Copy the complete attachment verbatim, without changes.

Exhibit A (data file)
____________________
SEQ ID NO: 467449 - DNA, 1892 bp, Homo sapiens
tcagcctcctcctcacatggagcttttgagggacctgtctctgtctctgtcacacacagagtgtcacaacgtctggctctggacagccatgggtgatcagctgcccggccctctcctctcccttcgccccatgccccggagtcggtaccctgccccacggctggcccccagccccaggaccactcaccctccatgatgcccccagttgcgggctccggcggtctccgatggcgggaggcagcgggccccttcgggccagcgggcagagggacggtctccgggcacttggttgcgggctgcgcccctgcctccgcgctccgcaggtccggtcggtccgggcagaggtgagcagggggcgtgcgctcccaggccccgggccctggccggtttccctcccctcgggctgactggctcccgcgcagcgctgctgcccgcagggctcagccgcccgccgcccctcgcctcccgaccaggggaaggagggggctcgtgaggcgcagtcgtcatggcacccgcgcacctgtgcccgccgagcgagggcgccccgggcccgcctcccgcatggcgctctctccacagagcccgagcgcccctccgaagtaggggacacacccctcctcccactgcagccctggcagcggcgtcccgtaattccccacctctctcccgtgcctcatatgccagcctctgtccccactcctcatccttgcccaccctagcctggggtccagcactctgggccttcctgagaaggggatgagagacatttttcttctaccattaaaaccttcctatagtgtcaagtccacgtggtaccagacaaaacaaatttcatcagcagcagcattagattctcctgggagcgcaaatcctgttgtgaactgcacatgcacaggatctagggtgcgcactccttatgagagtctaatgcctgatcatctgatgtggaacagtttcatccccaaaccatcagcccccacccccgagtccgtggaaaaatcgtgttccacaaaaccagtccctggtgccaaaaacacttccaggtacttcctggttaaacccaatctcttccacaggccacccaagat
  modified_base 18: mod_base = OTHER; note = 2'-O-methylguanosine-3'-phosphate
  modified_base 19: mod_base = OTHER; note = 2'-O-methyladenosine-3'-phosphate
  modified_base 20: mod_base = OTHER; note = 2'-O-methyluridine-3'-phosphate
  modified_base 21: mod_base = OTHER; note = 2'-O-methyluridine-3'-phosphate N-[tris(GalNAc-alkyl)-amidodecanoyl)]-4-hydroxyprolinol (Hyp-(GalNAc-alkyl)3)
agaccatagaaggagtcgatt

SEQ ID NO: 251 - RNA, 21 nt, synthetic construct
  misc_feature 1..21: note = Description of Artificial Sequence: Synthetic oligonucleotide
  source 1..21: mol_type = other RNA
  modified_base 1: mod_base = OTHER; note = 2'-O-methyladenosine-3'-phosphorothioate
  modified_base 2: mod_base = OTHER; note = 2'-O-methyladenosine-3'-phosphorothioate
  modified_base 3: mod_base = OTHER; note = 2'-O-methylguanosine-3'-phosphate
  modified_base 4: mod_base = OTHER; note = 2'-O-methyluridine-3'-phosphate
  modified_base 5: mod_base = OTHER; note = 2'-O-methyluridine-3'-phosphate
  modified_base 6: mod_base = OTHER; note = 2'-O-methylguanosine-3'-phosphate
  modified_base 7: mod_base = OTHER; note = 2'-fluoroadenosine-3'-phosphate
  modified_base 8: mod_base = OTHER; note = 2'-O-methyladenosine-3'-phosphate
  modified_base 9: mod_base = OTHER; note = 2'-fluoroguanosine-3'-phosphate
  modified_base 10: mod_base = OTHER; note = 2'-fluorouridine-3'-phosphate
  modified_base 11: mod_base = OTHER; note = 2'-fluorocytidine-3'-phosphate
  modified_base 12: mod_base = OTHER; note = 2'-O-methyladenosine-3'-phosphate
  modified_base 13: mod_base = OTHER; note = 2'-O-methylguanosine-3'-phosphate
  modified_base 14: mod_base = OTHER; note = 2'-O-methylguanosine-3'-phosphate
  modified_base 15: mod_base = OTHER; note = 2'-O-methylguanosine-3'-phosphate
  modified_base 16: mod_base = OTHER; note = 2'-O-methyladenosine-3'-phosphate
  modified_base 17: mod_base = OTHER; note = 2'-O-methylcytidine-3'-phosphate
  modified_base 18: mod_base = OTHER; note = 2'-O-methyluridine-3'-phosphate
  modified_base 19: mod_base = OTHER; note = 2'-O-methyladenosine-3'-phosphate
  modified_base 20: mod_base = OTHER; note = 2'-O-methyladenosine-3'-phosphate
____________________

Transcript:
SEQ ID NO: 467449 - DNA, 1892 bp, Homo sapiens
tcagcctcctcctcacatggagcttttgagggacctgtctctgtctctgtcacacacagagtgtcacaacgtctggctctggacagccatgggtgatcagctgcccggccctctcctctcccttcgccccatgccccggagtcggtaccctgccccacggctggcccccagccccaggaccactcaccctccatgatgcccccagttgcgggctccggcggtctccgatggcgggaggcagcgggccccttcgggccagcgggcagagggacggtctccgggcacttggttgcgggctgcgcccctgcctccgcgctccgcaggtccggtcggtccgggcagaggtgagcagggggcgtgcgctcccaggccccgggccctggccggtttccctcccctcgggctgactggctcccgcgcagcgctgctgcccgcagggctcagccgcccgccgcccctcgcctcccgaccaggggaaggagggggctcgtgaggcgcagtcgtcatggcacccgcgcacctgtgcccgccgagcgagggcgccccgggcccgcctcccgcatggcgctctctccacagagcccgagcgcccctccgaagtaggggacacacccctcctcccactgcagccctggcagcggcgtcccgtaattccccacctctctcccgtgcctcatatgccagcctctgtccccactcctcatccttgcccaccctagcctggggtccagcactctgggccttcctgagaaggggatgagagacatttttcttctaccattaaaaccttcctatagtgtcaagtccacgtggtaccagacaaaacaaatttcatcagcagcagcattagattctcctgggagcgcaaatcctgttgtgaactgcacatgcacaggatctagggtgcgcactccttatgagagtctaatgcctgatcatctgatgtggaacagtttcatccccaaaccatcagcccccacccccgagtccgtggaaaaatcgtgttccacaaaaccagtccctggtgccaaaaacacttccaggtacttcctggttaaacccaatctcttccacaggccacccaagat
  modified_base 18: mod_base = OTHER; note = 2'-O-methylguanosine-3'-phosphate
  modified_base 19: mod_base = OTHER; note = 2'-O-methyladenosine-3'-phosphate
  modified_base 20: mod_base = OTHER; note = 2'-O-methyluridine-3'-phosphate
  modified_base 21: mod_base = OTHER; note = 2'-O-methyluridine-3'-phosphate N-[tris(GalNAc-alkyl)-amidodecanoyl)]-4-hydroxyprolinol (Hyp-(GalNAc-alkyl)3)
agaccatagaaggagtcgatt

SEQ ID NO: 251 - RNA, 21 nt, synthetic construct
  misc_feature 1..21: note = Description of Artificial Sequence: Synthetic oligonucleotide
  source 1..21: mol_type = other RNA
  modified_base 1: mod_base = OTHER; note = 2'-O-methyladenosine-3'-phosphorothioate
  modified_base 2: mod_base = OTHER; note = 2'-O-methyladenosine-3'-phosphorothioate
  modified_base 3: mod_base = OTHER; note = 2'-O-methylguanosine-3'-phosphate
  modified_base 4: mod_base = OTHER; note = 2'-O-methyluridine-3'-phosphate
  modified_base 5: mod_base = OTHER; note = 2'-O-methyluridine-3'-phosphate
  modified_base 6: mod_base = OTHER; note = 2'-O-methylguanosine-3'-phosphate
  modified_base 7: mod_base = OTHER; note = 2'-fluoroadenosine-3'-phosphate
  modified_base 8: mod_base = OTHER; note = 2'-O-methyladenosine-3'-phosphate
  modified_base 9: mod_base = OTHER; note = 2'-fluoroguanosine-3'-phosphate
  modified_base 10: mod_base = OTHER; note = 2'-fluorouridine-3'-phosphate
  modified_base 11: mod_base = OTHER; note = 2'-fluorocytidine-3'-phosphate
  modified_base 12: mod_base = OTHER; note = 2'-O-methyladenosine-3'-phosphate
  modified_base 13: mod_base = OTHER; note = 2'-O-methylguanosine-3'-phosphate
  modified_base 14: mod_base = OTHER; note = 2'-O-methylguanosine-3'-phosphate
  modified_base 15: mod_base = OTHER; note = 2'-O-methylguanosine-3'-phosphate
  modified_base 16: mod_base = OTHER; note = 2'-O-methyladenosine-3'-phosphate
  modified_base 17: mod_base = OTHER; note = 2'-O-methylcytidine-3'-phosphate
  modified_base 18: mod_base = OTHER; note = 2'-O-methyluridine-3'-phosphate
  modified_base 19: mod_base = OTHER; note = 2'-O-methyladenosine-3'-phosphate
  modified_base 20: mod_base = OTHER; note = 2'-O-methyladenosine-3'-phosphate